[81] The Respondent, rightly, after considering her conduct in the light of the drugs charges identified not only an unwillingness of the Applicant to follow lawful and reasonable directions but that there may be reputational damage as their truck which was clearly identifiable had been driving off the route and past customers and possibly observed by police surveillance outside the residence where illegal activities were conducted.

[82] The Applicant would like to characterise the off route as, performance infractions, however they were the subject of clear directions Mrs Price made it clear on the 6 September after examining the tracking data that the Applicant was not to stop or deviate from her route. Then again on the 29 September 2021 after reviewing the tracking data which again confirmed that she had made stops and deviated Mrs Price reiterated her directions to not stop or deviate.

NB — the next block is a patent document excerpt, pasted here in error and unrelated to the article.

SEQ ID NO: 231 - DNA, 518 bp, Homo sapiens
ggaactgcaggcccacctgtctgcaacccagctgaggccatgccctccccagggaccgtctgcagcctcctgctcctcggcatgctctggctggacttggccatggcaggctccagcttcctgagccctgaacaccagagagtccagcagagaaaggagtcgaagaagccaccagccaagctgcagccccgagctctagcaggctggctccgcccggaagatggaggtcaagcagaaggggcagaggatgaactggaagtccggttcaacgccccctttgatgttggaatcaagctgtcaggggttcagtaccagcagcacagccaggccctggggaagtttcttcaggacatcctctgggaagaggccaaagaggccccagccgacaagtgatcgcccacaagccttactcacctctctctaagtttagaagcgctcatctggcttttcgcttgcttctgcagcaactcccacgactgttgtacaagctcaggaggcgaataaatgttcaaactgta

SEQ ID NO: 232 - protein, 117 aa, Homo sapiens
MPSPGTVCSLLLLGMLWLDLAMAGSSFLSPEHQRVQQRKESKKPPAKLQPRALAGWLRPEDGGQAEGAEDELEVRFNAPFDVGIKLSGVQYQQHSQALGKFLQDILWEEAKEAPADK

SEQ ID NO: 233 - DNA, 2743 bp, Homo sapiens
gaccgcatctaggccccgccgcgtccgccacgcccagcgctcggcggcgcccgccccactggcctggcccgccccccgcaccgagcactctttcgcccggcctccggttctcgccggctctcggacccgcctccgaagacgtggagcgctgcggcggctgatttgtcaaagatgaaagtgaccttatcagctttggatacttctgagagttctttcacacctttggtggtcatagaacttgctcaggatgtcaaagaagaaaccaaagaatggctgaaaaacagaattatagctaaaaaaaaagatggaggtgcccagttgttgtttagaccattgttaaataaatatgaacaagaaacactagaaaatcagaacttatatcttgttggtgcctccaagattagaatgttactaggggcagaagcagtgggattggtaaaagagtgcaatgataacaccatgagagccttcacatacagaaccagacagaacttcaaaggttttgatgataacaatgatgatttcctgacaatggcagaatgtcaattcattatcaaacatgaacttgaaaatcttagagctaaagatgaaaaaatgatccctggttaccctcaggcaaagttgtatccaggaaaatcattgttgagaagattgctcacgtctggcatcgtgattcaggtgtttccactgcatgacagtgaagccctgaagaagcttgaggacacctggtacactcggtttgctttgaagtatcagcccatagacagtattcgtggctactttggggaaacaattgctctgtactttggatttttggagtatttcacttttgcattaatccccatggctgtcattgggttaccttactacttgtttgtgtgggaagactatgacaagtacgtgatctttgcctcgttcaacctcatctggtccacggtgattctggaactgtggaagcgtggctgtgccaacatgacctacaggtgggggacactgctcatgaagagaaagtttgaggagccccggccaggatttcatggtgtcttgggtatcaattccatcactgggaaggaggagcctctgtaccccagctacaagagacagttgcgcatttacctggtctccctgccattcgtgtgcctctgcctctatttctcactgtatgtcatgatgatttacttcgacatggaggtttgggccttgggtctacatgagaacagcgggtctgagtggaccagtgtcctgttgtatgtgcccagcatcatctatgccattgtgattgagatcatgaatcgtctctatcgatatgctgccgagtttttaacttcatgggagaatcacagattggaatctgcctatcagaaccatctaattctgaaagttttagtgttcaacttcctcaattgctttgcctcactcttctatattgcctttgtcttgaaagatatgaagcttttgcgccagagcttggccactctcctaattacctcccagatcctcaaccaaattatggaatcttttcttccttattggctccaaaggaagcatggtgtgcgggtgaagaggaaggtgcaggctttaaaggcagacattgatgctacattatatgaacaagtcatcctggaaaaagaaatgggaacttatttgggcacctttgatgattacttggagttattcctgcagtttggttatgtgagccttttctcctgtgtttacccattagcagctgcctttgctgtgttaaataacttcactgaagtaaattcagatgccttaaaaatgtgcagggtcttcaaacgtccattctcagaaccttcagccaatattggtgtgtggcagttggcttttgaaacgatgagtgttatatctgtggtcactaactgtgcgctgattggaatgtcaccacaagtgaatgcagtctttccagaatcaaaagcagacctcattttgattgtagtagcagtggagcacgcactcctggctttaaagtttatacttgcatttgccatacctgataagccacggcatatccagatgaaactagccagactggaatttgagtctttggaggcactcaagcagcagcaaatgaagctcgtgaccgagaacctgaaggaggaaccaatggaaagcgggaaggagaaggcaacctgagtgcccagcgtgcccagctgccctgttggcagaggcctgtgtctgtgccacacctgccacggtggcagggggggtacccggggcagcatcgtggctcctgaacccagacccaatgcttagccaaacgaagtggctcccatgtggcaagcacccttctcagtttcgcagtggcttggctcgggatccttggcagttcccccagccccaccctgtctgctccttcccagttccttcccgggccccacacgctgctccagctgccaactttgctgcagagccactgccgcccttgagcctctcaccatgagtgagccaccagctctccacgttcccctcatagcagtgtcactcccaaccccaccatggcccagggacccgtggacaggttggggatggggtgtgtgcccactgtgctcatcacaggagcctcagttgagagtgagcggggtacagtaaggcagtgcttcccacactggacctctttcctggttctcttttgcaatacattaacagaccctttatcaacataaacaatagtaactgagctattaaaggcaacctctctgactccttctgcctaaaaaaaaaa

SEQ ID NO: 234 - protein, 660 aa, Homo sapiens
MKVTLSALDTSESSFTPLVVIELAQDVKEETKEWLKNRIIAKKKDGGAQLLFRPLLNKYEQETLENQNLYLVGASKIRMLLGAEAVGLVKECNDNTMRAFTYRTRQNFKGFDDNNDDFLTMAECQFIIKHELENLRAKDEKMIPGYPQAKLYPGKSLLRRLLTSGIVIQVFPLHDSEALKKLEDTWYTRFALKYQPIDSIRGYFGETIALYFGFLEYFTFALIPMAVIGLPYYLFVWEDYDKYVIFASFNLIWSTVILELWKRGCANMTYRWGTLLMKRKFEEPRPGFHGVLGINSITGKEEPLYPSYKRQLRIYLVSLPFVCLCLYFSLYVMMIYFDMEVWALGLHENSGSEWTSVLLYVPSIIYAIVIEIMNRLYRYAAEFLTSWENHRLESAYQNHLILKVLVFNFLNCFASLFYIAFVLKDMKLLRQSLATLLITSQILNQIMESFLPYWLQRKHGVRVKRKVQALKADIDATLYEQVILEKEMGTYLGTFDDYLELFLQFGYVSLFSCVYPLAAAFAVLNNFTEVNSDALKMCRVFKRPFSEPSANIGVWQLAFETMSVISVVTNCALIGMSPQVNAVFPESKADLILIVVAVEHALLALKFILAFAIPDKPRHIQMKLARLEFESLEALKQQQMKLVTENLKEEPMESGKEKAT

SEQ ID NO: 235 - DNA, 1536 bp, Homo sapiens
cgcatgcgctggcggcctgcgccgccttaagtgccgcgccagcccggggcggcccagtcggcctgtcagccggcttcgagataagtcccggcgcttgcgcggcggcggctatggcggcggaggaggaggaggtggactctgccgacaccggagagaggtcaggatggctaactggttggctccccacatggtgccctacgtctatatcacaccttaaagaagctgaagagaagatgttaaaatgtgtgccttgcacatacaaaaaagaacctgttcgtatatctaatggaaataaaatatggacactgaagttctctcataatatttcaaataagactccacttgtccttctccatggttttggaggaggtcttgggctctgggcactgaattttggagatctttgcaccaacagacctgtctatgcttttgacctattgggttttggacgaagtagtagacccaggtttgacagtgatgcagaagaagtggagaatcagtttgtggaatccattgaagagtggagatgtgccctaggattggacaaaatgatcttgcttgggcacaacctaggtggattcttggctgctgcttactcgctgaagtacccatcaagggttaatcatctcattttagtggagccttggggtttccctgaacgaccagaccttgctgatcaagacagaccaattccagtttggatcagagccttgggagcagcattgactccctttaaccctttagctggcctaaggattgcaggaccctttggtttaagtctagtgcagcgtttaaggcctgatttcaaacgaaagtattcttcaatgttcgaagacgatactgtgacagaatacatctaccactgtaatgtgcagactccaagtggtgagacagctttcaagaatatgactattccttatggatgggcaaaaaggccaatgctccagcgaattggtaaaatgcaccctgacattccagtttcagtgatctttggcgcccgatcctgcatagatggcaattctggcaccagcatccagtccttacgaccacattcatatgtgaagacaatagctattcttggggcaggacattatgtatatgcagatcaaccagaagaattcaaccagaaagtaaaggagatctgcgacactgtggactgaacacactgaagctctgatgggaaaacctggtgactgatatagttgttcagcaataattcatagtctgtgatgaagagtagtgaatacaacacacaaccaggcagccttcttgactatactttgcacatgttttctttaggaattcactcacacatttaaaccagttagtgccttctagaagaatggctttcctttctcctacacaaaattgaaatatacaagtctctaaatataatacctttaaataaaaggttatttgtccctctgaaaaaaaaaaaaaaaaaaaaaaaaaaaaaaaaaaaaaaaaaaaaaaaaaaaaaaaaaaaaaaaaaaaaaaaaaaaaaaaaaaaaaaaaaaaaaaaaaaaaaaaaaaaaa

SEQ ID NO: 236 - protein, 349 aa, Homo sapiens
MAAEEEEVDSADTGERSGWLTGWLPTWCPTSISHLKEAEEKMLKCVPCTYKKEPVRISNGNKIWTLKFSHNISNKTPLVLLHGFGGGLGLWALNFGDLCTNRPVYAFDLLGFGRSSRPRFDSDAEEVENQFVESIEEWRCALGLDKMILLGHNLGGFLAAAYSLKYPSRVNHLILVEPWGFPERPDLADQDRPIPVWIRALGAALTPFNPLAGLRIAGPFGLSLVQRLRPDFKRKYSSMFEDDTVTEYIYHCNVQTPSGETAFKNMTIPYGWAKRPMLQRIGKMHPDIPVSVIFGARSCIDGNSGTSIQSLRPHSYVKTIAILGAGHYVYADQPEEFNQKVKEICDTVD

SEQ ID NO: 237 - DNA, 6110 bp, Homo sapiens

[83] The allegations put by the Respondent were not related to the use of drugs at work, that was never the subject of an allegation, they did not require the Applicant to undertake a drugs test as the Respondent did not make any allegations regarding the use of drugs at work. The allegation squarely put to the Applicant, and I find occurred was that she was in breach of the Drug and Alcohol policy by not reporting any drugs charges or convictions. The Applicant maintains that she was not aware of the policy clause that required this, that is no excuse and a convenient misdirection, as the evidence shows that she signed for receiving, reading and understanding the D&A policy. The Applicant had breached a significant and serious policy requirement and had continued in contravention of a specific direction by the Respondent to not deviate nor make personal stops during work time.

[84] In my view, the breach of the policy was a valid reason for the dismissal and further I find that the continued refusal to follow the reasonable and lawful directions of Mrs Price a further valid reason. An additional concern I have is that the Applicant has lied to the court when she claims to have taken the rap for her husband and plead guilty.”

Stephens v The Trustee For Price Family Trust T/A Kingaroy Freight Express (2022) FWC 1373 delivered 31 May 2022 per Lake DP